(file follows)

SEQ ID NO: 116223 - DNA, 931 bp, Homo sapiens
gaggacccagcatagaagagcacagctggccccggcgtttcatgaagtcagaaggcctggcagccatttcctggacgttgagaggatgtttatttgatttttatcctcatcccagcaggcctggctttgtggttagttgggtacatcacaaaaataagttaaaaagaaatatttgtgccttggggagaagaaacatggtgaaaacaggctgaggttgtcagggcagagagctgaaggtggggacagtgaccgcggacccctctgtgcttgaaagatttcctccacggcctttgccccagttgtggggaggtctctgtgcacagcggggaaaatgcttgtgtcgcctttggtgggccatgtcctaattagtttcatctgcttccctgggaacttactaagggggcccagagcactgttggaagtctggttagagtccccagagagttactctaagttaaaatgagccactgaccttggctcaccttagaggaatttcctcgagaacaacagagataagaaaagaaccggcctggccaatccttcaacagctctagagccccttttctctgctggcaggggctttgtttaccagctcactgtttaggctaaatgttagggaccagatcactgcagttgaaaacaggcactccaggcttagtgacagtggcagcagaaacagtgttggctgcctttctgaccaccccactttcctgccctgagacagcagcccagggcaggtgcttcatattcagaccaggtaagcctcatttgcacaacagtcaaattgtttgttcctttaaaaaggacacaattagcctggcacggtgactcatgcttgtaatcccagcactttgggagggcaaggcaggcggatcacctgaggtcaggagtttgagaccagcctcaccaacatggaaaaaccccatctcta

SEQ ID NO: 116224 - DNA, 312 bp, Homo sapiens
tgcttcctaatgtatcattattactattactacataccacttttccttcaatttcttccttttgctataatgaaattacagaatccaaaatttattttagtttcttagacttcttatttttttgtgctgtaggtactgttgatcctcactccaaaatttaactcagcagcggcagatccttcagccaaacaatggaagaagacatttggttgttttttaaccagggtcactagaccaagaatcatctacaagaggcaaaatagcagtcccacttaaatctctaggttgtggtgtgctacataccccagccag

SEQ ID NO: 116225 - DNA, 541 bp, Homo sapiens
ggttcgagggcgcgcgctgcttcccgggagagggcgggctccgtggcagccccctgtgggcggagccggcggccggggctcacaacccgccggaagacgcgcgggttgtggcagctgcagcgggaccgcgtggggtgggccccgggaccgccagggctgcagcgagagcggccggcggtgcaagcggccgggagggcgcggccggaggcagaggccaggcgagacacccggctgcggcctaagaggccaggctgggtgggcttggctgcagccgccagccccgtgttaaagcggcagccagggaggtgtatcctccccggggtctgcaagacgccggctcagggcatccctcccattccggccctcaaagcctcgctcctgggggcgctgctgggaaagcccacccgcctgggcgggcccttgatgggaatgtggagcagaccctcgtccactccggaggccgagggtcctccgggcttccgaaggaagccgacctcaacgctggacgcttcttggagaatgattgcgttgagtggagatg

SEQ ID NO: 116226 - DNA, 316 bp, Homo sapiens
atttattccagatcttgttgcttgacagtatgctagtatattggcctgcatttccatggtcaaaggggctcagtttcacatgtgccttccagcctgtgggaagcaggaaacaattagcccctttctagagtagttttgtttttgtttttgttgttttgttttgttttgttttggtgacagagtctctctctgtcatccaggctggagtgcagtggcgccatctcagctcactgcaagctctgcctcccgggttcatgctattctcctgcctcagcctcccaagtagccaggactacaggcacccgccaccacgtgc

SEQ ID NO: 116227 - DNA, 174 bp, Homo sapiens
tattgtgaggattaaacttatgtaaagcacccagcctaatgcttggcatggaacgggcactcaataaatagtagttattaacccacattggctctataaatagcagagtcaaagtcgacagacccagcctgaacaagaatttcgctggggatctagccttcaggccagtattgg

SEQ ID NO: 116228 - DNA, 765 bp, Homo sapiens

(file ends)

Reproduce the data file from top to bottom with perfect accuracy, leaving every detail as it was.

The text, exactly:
SEQ ID NO: 116223 - DNA, 931 bp, Homo sapiens
gaggacccagcatagaagagcacagctggccccggcgtttcatgaagtcagaaggcctggcagccatttcctggacgttgagaggatgtttatttgatttttatcctcatcccagcaggcctggctttgtggttagttgggtacatcacaaaaataagttaaaaagaaatatttgtgccttggggagaagaaacatggtgaaaacaggctgaggttgtcagggcagagagctgaaggtggggacagtgaccgcggacccctctgtgcttgaaagatttcctccacggcctttgccccagttgtggggaggtctctgtgcacagcggggaaaatgcttgtgtcgcctttggtgggccatgtcctaattagtttcatctgcttccctgggaacttactaagggggcccagagcactgttggaagtctggttagagtccccagagagttactctaagttaaaatgagccactgaccttggctcaccttagaggaatttcctcgagaacaacagagataagaaaagaaccggcctggccaatccttcaacagctctagagccccttttctctgctggcaggggctttgtttaccagctcactgtttaggctaaatgttagggaccagatcactgcagttgaaaacaggcactccaggcttagtgacagtggcagcagaaacagtgttggctgcctttctgaccaccccactttcctgccctgagacagcagcccagggcaggtgcttcatattcagaccaggtaagcctcatttgcacaacagtcaaattgtttgttcctttaaaaaggacacaattagcctggcacggtgactcatgcttgtaatcccagcactttgggagggcaaggcaggcggatcacctgaggtcaggagtttgagaccagcctcaccaacatggaaaaaccccatctcta

SEQ ID NO: 116224 - DNA, 312 bp, Homo sapiens
tgcttcctaatgtatcattattactattactacataccacttttccttcaatttcttccttttgctataatgaaattacagaatccaaaatttattttagtttcttagacttcttatttttttgtgctgtaggtactgttgatcctcactccaaaatttaactcagcagcggcagatccttcagccaaacaatggaagaagacatttggttgttttttaaccagggtcactagaccaagaatcatctacaagaggcaaaatagcagtcccacttaaatctctaggttgtggtgtgctacataccccagccag

SEQ ID NO: 116225 - DNA, 541 bp, Homo sapiens
ggttcgagggcgcgcgctgcttcccgggagagggcgggctccgtggcagccccctgtgggcggagccggcggccggggctcacaacccgccggaagacgcgcgggttgtggcagctgcagcgggaccgcgtggggtgggccccgggaccgccagggctgcagcgagagcggccggcggtgcaagcggccgggagggcgcggccggaggcagaggccaggcgagacacccggctgcggcctaagaggccaggctgggtgggcttggctgcagccgccagccccgtgttaaagcggcagccagggaggtgtatcctccccggggtctgcaagacgccggctcagggcatccctcccattccggccctcaaagcctcgctcctgggggcgctgctgggaaagcccacccgcctgggcgggcccttgatgggaatgtggagcagaccctcgtccactccggaggccgagggtcctccgggcttccgaaggaagccgacctcaacgctggacgcttcttggagaatgattgcgttgagtggagatg

SEQ ID NO: 116226 - DNA, 316 bp, Homo sapiens
atttattccagatcttgttgcttgacagtatgctagtatattggcctgcatttccatggtcaaaggggctcagtttcacatgtgccttccagcctgtgggaagcaggaaacaattagcccctttctagagtagttttgtttttgtttttgttgttttgttttgttttgttttggtgacagagtctctctctgtcatccaggctggagtgcagtggcgccatctcagctcactgcaagctctgcctcccgggttcatgctattctcctgcctcagcctcccaagtagccaggactacaggcacccgccaccacgtgc

SEQ ID NO: 116227 - DNA, 174 bp, Homo sapiens
tattgtgaggattaaacttatgtaaagcacccagcctaatgcttggcatggaacgggcactcaataaatagtagttattaacccacattggctctataaatagcagagtcaaagtcgacagacccagcctgaacaagaatttcgctggggatctagccttcaggccagtattgg

SEQ ID NO: 116228 - DNA, 765 bp, Homo sapiens